Welcome to home learning in N1
25.01.21 Developing children’s Understanding Skills
This week we will be looking at developing children’s understanding skills.
Understanding, or developing comprehension, is a fundamental part of interpreting spoken language. It is important to be able to distinguish between situations where a child may be following an established routine, or responding to gestures rather than understanding the spoken word. As children develop their understanding and build up a large receptive vocabulary they become more able to make sense of complex sentences and questions. These skills are essential for reading comprehension and for making sense of information in all other areas of learning.
How you can help your child to develop his/her speaking skills.
- Say your child’s name to get her attention before telling her something.
- Keep your language simple so it is easy to understand.
- Read stories together and talk about what happens next.
- Play simple games where play people or animals are moved around – up, down, in, out.
- Use words like big and little, tall and short to describe things.
- Ask simple questions; ‘Who is that?, What is he doing?’, ‘Where’s the dog?’
- Commentate on what’s going on and say why some things are happening.
It has been very snowy. We hope you have had a chance to wrap up warm and enjoy the snow.
Please send us photos of you playing in the snow. We would love to look at them in nursery.
This week you could draw a face with your child.
It help their language as you name body parts and talk about feelings.
It is lovely to keep their drawings so don't forget to date them.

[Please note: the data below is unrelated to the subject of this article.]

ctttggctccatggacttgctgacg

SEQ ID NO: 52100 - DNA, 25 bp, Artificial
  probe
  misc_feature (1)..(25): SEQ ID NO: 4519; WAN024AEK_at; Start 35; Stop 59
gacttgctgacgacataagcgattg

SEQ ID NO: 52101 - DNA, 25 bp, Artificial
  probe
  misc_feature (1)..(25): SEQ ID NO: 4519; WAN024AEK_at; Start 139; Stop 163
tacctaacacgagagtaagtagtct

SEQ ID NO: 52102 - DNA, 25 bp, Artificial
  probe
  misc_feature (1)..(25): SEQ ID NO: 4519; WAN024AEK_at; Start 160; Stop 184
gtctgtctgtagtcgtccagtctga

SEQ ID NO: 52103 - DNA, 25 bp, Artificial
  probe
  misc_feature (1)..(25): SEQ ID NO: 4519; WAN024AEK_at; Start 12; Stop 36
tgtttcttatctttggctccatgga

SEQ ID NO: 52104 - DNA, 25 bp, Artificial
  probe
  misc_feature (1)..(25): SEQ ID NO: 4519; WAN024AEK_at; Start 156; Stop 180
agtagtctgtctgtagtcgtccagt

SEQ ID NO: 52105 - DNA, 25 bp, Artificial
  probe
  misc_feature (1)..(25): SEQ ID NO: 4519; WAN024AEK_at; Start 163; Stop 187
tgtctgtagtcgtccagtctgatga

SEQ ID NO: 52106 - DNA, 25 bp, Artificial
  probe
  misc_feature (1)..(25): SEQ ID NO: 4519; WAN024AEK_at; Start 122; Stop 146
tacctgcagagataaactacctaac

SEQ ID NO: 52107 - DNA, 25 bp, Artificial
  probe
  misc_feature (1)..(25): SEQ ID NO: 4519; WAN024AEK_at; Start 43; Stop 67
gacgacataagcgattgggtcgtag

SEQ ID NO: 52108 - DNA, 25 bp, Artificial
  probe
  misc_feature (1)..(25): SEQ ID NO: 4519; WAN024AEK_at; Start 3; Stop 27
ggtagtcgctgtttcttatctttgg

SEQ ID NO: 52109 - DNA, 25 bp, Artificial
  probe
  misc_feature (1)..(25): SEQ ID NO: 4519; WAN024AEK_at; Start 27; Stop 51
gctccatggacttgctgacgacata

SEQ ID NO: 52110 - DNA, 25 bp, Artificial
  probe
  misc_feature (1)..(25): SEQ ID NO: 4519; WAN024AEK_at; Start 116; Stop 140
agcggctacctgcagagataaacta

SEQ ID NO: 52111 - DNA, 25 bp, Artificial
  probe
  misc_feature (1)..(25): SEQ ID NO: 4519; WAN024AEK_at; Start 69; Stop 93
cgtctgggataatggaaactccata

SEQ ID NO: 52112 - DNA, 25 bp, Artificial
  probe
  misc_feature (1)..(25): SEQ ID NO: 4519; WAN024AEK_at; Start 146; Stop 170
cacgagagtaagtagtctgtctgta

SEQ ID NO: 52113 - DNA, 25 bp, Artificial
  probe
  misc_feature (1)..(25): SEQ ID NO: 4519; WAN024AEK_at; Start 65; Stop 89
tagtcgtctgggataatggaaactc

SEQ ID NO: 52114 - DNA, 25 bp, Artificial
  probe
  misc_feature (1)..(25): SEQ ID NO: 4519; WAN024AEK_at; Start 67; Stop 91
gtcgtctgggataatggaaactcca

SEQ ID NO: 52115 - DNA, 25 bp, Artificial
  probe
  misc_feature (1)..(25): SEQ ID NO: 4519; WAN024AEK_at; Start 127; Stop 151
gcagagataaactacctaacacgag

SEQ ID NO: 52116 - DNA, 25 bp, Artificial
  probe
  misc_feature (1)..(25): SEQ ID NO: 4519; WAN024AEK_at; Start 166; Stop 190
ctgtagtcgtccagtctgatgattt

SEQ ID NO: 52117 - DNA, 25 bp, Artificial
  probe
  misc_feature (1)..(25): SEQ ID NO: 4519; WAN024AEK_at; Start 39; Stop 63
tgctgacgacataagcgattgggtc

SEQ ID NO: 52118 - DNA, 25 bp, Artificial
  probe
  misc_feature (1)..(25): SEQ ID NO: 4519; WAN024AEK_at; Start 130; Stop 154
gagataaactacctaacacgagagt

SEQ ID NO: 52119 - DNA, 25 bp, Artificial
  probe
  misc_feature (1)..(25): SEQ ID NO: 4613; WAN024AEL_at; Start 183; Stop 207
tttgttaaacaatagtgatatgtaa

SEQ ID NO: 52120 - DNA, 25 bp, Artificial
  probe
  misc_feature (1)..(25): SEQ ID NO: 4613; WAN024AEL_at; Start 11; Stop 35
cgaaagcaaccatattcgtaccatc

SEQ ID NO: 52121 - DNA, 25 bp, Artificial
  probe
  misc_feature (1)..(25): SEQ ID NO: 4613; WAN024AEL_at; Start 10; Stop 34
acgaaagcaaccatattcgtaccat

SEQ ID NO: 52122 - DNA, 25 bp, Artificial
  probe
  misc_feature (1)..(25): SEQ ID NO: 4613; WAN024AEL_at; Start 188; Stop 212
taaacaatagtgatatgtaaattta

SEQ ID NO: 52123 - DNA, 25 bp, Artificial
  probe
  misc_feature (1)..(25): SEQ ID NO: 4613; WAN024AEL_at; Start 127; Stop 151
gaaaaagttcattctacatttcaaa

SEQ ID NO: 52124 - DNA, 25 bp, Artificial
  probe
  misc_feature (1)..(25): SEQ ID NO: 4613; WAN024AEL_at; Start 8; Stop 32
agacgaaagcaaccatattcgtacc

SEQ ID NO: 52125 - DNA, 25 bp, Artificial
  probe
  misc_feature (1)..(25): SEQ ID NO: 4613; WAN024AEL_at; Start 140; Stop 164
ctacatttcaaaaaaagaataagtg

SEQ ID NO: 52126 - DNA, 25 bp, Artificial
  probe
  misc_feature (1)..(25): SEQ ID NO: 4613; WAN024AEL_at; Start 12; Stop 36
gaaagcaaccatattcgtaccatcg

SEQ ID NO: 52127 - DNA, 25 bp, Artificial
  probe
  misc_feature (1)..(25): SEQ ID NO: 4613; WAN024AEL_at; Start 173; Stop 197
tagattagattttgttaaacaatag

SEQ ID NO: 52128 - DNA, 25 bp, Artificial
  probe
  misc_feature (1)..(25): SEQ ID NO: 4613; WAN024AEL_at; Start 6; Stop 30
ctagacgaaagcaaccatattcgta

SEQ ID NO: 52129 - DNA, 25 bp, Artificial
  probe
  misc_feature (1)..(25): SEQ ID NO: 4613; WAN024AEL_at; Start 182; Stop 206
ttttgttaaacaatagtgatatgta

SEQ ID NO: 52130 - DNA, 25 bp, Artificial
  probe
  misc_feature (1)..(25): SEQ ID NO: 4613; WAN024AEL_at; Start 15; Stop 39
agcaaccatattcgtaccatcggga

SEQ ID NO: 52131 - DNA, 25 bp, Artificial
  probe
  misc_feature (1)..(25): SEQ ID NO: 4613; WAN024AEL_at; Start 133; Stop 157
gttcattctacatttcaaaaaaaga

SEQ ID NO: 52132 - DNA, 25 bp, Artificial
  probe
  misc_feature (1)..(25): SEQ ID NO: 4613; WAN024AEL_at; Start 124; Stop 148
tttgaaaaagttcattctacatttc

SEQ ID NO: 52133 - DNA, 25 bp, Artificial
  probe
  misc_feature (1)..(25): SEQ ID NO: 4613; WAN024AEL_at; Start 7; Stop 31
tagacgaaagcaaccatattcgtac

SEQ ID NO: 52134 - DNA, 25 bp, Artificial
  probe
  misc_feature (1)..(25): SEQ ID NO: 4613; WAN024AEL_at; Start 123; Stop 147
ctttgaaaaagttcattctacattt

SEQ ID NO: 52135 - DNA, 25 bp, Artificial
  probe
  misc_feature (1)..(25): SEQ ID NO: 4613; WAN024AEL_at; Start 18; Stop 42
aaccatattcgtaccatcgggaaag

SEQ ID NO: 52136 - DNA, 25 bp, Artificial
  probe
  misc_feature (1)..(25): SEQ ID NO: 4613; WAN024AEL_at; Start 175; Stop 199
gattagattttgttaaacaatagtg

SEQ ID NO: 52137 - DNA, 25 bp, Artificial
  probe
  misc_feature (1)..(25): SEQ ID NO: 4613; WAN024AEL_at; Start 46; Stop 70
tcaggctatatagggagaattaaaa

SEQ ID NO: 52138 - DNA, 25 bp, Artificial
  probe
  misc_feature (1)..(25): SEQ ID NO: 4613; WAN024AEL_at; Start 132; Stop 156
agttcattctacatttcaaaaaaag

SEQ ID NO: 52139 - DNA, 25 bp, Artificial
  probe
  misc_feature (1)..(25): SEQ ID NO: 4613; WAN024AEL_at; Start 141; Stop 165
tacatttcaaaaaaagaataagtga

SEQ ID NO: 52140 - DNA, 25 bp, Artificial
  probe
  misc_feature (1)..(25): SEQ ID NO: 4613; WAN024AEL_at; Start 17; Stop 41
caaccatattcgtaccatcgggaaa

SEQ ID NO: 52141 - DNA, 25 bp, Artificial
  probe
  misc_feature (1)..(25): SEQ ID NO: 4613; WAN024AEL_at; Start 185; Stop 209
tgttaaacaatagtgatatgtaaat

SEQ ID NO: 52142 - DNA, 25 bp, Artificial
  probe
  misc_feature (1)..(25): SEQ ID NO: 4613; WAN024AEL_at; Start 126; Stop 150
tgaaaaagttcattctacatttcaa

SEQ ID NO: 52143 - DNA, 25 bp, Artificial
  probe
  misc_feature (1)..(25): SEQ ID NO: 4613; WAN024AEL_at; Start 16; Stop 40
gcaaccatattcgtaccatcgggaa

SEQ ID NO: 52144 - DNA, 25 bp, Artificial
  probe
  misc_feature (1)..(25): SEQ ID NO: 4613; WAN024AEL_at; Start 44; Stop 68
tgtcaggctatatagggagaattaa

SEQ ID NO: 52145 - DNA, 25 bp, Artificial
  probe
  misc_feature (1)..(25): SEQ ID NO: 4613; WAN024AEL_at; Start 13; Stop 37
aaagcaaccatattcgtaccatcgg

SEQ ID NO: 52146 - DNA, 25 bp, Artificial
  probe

The link for these activities is below
18.01.21 Listening and attention skills
This week we are going to develop our listening and attention skills through many different activities. It is very important for young children to be able to develop how to listen and pay attention. This then helps them learn to develop their speaking and understanding skills.
Helping your child to develop their listening skills
You could use the ideas below as starting points to help you do this.
● Notice what your child is interested in and encourage him to stay focused on things he enjoys doing.
● Try occasionally just having a few things out to play with so there is less to distract him.
● Sing nursery rhymes and encourage him to listen and join in with the words he knows.
● Make story reading into a ‘performance’ by using lots of different voices.
● At quiet times of the day listen together to the sounds you can hear around the house.
● Out on a walk listen together for the sounds of birds singing, dogs barking or the traffic roaring.
● Be a good role model by looking at your child when he’s talking and listening to what he has to say.
Hello! Can you help me?
I need a name; can you give me a name?
I am going to be doing lots of work with you this term.
Today I will be introducing the colour red, look I am wearing a red top.
Can you find lots of things at home which are the colour red?
I would love to hear from you. If you take photos of all the red objects you collect, send them to the email address below and I will display them on my wall.